THE Ulster Championship was eventful to say the least for Armagh, and their manager Peter McDonnell says they’re still dealing with the legacy of a mass brawl which soured an otherwise enthralling semi-final victory over Tyrone.
10 players were suspended in the lead-up to their Ulster final against Derry, and although the majority of those suspensions were lifted on the Saturday evening before the game, the impact of the debacle is still being felt.
McDonnell said: “It’s about football at the end of the day. When you invest so much time whether you’re a manager or a player or coach, setbacks like what happened to us last year do cut deep, but that’s in the past.
“We have to deal with the legacy of that as Ross McQuillan still has to serve his suspension. The rules are there, I just find it difficult to understand in my mind the equality of it when some players are only banned for a certain time-period.
“The ironic thing is if Derry beat us, we’re out and Ross doesn’t have to serve a second-match ban anywhere. It’s about playing football at the end of the day, to provide a springboard for young lads to play at senior level, and now it’s u-20 they’re deprived of an extra year of playing football for their county.”
The Orchard County fared well in the circumstances against Derry in last year’s Ulster final, losing by 2-15 to 0-14 in what was still a spirited performance by any standard.
Of that team, Rian O’Neill is already an automatic starter on the Armagh senior team, and McDonnell says he wouldn’t be surprised if a few other youngsters follow in his footsteps.
“Rian who played in last year’s Ulster final, Jarly Og Burns was with the Armagh u-21s two years ago, and Ciaran Higgins is yet to be revealed on the Ulster stage but by god, everybody better sit and take note. I’d expect Barry McCambridge and Callum O’Neill to make that step up.”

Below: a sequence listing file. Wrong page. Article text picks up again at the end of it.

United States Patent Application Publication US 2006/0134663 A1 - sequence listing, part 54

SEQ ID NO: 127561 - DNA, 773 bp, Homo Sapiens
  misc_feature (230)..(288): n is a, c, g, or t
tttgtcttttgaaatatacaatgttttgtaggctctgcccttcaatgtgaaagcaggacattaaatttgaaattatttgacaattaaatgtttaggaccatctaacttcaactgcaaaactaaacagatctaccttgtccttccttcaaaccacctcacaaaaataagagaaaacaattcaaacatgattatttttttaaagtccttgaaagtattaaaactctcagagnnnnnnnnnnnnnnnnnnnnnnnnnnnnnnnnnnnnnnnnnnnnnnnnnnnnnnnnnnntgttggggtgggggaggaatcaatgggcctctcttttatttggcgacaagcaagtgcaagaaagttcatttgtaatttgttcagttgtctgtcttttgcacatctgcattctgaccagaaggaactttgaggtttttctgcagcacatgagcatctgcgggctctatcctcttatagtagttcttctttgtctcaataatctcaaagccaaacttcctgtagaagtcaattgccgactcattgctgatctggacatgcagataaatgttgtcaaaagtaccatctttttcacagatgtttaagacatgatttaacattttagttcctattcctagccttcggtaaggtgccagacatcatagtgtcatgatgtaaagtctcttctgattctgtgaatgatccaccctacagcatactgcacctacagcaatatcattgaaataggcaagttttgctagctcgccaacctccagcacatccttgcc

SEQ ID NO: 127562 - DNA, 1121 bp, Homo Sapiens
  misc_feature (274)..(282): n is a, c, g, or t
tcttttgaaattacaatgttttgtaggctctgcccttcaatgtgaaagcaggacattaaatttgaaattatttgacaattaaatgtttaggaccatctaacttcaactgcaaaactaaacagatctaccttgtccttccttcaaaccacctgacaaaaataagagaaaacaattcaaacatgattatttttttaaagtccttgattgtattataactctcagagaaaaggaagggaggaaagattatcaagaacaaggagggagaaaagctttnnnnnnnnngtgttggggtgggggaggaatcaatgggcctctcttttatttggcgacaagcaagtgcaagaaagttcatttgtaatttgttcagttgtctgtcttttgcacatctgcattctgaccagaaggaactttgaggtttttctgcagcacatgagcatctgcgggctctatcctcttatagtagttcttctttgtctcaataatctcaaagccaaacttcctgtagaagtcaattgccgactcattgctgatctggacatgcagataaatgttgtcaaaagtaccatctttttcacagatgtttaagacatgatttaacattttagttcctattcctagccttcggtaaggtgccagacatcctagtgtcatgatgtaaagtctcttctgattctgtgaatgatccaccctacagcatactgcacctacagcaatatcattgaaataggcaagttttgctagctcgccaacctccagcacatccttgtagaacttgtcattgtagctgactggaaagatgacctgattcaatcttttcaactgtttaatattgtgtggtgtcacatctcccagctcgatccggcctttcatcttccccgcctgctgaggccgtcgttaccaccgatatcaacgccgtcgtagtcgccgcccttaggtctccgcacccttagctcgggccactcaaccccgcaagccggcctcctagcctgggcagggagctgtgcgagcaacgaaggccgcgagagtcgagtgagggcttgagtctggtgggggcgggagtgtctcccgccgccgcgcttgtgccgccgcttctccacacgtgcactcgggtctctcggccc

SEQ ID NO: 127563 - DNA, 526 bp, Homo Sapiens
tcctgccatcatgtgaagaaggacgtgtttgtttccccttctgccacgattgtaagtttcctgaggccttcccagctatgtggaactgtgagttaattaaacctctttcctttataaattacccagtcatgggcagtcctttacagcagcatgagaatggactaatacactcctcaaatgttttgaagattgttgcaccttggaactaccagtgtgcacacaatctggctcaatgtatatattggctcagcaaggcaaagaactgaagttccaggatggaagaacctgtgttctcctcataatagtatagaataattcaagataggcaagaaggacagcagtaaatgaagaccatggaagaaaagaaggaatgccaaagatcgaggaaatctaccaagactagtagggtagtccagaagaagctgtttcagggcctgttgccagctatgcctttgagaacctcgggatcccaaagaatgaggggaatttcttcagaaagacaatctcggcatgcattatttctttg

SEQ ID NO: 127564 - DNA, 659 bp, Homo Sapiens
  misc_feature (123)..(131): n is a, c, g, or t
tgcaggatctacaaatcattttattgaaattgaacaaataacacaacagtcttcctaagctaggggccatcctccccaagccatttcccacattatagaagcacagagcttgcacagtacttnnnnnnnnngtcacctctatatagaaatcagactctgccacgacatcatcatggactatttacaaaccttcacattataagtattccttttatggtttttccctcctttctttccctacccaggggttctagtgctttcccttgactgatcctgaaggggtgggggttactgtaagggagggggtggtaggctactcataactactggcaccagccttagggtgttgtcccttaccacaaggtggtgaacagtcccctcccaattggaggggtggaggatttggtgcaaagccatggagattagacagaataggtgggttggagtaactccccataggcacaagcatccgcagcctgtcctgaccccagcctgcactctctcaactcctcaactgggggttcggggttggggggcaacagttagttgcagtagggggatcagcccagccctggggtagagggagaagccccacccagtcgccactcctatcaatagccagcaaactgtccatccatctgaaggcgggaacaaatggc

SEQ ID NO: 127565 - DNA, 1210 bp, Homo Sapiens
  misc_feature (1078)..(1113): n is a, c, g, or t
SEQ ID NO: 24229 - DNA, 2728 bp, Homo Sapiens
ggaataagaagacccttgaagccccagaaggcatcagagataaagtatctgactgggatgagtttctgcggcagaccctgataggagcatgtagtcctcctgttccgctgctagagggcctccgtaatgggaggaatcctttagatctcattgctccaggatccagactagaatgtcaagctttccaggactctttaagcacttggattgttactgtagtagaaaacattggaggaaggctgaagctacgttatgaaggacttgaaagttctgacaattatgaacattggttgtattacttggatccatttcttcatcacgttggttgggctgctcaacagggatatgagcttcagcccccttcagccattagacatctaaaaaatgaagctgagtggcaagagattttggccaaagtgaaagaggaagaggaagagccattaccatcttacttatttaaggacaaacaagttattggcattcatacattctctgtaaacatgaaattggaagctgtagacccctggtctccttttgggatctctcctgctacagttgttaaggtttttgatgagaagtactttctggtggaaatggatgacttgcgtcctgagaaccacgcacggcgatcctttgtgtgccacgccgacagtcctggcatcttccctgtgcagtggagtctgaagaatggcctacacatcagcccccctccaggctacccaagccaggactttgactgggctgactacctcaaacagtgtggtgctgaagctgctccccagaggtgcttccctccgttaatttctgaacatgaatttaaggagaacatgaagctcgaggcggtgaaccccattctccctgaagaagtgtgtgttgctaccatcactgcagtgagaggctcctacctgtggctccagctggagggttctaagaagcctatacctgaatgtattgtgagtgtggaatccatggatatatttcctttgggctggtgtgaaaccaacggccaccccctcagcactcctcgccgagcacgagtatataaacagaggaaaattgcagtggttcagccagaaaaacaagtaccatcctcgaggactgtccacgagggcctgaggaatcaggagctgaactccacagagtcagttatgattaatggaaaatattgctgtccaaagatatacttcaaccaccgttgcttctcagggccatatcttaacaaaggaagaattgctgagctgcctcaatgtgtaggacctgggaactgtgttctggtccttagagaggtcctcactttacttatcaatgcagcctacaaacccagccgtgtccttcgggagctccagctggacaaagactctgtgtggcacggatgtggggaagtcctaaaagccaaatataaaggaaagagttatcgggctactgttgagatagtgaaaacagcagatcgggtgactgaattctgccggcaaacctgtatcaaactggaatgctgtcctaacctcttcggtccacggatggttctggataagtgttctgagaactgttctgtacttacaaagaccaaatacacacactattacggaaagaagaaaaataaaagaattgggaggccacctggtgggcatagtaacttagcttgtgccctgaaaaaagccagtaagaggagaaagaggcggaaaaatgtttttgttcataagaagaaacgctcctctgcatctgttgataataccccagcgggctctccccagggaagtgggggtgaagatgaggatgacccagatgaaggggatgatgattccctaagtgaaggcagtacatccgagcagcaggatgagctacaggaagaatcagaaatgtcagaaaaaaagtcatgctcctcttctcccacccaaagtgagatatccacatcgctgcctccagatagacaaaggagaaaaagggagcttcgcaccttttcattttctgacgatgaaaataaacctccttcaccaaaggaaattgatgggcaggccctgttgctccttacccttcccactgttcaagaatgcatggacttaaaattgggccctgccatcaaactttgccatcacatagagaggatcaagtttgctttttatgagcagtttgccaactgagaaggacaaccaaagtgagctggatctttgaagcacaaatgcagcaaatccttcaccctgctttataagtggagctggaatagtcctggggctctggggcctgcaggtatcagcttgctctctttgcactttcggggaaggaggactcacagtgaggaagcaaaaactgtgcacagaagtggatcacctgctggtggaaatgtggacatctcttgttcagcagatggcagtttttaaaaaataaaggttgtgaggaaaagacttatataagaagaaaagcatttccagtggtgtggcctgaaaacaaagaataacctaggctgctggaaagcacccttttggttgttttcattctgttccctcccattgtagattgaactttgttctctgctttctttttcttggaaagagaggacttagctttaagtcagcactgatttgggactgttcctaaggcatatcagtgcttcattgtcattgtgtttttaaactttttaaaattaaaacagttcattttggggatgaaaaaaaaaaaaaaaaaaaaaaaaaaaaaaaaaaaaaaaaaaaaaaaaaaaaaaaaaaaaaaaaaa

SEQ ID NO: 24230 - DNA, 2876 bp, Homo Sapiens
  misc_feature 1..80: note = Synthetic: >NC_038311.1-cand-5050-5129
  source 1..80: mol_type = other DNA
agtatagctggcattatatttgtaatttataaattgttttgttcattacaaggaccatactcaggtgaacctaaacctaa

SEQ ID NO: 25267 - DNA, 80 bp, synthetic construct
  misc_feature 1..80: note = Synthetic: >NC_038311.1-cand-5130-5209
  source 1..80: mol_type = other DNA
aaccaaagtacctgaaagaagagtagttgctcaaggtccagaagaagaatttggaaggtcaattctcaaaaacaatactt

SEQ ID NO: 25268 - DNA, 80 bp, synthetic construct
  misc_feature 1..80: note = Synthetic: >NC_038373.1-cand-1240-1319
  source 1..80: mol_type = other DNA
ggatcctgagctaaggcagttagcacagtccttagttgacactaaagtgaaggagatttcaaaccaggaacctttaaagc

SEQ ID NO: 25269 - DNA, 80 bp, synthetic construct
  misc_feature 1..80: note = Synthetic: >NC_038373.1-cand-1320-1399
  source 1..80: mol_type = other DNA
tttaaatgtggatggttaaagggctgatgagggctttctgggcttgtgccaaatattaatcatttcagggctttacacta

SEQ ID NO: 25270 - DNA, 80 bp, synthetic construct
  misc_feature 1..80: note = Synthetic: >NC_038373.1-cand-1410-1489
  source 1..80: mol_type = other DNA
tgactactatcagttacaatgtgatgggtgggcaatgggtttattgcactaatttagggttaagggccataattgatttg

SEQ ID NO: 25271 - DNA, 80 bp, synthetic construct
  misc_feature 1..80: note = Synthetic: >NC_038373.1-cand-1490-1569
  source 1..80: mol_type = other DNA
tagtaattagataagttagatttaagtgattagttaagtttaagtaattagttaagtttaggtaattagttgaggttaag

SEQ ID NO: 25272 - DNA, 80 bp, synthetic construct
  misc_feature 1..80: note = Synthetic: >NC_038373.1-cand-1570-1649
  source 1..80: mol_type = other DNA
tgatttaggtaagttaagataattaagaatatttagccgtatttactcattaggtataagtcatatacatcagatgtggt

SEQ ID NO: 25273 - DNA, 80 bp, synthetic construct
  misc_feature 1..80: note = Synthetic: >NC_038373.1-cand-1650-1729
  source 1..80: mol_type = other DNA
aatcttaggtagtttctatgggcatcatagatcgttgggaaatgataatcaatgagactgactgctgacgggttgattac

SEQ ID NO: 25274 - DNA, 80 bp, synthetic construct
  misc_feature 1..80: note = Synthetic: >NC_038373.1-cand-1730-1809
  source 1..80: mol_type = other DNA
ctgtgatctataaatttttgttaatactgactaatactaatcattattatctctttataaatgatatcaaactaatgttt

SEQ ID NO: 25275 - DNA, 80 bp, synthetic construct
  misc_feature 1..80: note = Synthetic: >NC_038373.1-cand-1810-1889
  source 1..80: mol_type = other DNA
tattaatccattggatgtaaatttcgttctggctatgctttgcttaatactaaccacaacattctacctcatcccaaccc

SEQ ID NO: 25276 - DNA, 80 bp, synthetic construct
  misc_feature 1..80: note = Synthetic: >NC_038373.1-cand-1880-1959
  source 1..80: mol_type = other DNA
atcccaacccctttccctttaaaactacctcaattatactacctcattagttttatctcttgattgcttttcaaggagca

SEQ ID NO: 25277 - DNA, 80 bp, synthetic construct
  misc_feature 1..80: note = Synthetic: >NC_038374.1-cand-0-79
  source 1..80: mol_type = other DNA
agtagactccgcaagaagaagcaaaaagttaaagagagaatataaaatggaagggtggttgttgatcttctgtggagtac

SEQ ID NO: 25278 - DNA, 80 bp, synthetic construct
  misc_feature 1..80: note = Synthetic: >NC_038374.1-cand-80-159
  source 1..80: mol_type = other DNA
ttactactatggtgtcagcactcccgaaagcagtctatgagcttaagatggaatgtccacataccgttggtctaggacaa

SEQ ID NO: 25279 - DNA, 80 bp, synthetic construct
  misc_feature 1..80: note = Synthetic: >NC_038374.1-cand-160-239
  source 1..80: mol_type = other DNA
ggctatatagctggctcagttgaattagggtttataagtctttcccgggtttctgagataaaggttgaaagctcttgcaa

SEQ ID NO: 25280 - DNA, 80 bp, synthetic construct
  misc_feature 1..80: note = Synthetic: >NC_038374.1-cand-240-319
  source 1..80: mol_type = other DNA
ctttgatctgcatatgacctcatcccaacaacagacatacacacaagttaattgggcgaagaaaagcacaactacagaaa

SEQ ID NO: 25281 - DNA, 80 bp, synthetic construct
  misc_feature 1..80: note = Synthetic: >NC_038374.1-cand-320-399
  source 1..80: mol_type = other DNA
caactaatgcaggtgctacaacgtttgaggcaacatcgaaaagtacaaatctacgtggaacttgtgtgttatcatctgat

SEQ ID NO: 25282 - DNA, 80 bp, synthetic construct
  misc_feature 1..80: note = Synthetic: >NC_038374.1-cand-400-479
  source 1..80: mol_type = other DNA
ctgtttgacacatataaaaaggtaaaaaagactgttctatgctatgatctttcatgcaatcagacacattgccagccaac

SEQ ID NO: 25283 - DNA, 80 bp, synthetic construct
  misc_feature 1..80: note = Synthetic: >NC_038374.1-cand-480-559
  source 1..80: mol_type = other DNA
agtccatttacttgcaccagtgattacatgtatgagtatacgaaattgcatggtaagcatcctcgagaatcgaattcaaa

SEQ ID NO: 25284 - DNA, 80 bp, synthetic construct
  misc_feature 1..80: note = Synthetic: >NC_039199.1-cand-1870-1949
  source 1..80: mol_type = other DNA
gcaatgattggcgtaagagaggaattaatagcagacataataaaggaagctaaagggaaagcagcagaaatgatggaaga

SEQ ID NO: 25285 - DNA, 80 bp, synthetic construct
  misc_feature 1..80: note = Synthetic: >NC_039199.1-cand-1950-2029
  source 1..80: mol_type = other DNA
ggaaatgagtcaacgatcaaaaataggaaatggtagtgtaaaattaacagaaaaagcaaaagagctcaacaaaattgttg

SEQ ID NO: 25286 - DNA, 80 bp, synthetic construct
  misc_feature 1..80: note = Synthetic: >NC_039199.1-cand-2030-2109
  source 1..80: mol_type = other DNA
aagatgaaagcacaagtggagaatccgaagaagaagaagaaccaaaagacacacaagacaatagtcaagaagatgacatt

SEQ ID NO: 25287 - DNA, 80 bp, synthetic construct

McDonnell is also encouraged by the depth of talent in Armagh across all reaches of the county, but wouldn’t you know it, there’s another potential Crossmaglen superstar coming through the ranks.
“We’ve players close to the border with Antrim who all played with St Ronan’s, Lurgan. We’ve move players this year from mid-Armagh, from clubs like Granemore and Keady, I’m very pleased about that.
“Some of them from St Pat’s and some are from Keady High School, and there’s a good sprinkling of players from clubs in south Armagh who haven’t been as strong in recent years. Some great lads from Carrickcruppen but unfortunately two are injured, Killeavy are doing wonderful work at underage level, and we always get a McConville out of Crossmaglen at some stage or another and we have Jim McConville’s lad, Cian.”
The Orchard County are up against it this weekend, and McDonnell holds a firm belief that Derry are one of the favourites not only for the Ulster Championship, but for national honours.
“The draw is what it is. Derry will have aspirations beyond the first round of the championship. They’ll have real and justifiable ambitions to win an All-Ireland. Given how Kerry, the team who beat Derry in the All-Ireland minor final two years ago, have progressed, there’ll be no David Clifford which will all add expectation within the Derry camp. Life is strange, however, it always throws up the unexpected.”